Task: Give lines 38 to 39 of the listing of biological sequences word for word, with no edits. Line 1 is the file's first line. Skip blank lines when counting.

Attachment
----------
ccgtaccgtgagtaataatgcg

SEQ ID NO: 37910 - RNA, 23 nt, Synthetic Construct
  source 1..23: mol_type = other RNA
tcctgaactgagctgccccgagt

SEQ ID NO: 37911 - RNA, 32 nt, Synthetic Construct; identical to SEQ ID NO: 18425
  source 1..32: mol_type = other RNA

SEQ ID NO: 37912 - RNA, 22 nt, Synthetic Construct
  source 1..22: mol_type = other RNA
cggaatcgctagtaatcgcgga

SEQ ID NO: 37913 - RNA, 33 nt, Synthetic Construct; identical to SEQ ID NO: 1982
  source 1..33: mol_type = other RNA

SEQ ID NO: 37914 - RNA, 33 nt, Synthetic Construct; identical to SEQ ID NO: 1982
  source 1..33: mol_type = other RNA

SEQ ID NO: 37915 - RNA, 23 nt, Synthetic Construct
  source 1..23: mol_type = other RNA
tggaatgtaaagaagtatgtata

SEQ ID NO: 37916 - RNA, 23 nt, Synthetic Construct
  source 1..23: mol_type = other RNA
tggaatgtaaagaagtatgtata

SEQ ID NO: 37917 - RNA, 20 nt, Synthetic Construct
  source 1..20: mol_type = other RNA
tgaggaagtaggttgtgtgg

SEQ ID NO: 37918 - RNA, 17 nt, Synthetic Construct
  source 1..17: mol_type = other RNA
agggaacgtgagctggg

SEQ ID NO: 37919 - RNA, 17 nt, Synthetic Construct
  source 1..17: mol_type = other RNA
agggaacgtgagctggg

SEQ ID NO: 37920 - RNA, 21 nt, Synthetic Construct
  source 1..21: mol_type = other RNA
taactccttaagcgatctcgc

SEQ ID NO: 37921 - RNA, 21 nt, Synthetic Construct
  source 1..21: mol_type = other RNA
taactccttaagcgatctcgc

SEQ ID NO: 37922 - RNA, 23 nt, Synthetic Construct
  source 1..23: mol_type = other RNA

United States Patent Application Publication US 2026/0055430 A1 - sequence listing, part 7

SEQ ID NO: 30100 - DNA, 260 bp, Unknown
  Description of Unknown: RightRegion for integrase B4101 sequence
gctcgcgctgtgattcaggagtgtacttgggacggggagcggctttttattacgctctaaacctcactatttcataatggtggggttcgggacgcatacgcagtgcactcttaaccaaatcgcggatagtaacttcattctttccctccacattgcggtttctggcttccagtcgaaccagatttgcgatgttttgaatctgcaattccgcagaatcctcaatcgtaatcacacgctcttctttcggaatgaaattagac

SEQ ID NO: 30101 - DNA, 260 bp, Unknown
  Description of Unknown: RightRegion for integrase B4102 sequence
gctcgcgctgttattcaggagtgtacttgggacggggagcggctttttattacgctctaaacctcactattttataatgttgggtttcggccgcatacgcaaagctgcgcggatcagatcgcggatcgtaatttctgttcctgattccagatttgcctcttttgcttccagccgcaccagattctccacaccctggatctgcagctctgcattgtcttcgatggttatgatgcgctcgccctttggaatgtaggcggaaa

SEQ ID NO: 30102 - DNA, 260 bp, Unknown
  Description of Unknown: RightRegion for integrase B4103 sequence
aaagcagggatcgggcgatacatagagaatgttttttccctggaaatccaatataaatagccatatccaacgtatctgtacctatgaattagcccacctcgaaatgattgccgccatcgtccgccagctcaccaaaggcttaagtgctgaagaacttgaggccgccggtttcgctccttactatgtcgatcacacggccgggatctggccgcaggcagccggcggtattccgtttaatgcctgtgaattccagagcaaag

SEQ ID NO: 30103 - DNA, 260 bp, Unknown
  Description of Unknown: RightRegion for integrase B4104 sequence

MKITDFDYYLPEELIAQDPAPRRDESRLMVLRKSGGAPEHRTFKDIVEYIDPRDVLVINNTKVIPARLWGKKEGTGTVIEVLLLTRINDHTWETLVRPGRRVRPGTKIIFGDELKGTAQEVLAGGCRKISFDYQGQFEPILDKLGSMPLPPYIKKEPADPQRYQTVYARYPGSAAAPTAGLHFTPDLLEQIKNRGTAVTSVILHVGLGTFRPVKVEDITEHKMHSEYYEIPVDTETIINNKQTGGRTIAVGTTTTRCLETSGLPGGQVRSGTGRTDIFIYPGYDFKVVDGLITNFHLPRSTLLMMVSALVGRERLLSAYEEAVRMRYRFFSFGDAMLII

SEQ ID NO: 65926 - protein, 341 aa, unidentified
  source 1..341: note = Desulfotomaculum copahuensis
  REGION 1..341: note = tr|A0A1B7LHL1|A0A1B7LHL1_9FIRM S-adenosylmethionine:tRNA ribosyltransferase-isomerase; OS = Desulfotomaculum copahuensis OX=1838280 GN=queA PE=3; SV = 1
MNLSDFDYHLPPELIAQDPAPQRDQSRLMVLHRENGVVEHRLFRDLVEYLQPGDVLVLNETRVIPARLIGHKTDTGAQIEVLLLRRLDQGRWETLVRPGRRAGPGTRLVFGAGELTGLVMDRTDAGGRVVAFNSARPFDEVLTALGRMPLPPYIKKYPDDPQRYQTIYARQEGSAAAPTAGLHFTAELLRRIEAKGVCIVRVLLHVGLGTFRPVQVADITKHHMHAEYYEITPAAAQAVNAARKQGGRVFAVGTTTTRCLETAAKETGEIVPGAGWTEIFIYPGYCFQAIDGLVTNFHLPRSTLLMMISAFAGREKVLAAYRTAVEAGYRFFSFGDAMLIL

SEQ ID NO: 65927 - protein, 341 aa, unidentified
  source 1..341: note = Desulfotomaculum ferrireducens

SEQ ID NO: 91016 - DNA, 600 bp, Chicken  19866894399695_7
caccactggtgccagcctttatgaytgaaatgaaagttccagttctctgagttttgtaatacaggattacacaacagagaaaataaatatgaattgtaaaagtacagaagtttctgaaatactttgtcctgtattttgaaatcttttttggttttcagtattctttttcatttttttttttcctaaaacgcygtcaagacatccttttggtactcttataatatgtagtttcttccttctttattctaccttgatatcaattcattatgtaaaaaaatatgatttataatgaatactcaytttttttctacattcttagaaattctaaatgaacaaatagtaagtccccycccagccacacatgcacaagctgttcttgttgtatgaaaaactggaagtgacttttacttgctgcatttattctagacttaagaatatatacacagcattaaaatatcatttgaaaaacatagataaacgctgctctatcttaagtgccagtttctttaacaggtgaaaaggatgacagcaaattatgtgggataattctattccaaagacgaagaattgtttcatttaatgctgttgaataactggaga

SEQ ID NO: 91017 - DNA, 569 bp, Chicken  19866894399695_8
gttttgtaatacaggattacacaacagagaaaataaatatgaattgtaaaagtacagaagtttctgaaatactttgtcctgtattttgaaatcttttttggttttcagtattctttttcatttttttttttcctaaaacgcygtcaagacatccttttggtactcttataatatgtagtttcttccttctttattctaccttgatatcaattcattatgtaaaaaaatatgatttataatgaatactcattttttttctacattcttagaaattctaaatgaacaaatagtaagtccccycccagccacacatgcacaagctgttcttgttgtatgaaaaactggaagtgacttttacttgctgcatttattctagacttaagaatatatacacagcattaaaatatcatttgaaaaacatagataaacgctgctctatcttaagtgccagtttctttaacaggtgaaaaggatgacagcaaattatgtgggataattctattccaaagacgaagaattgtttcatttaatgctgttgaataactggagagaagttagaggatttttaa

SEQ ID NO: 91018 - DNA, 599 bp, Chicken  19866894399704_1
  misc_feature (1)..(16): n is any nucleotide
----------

SEQ ID NO: 30100 - DNA, 260 bp, Unknown
  Description of Unknown: RightRegion for integrase B4101 sequence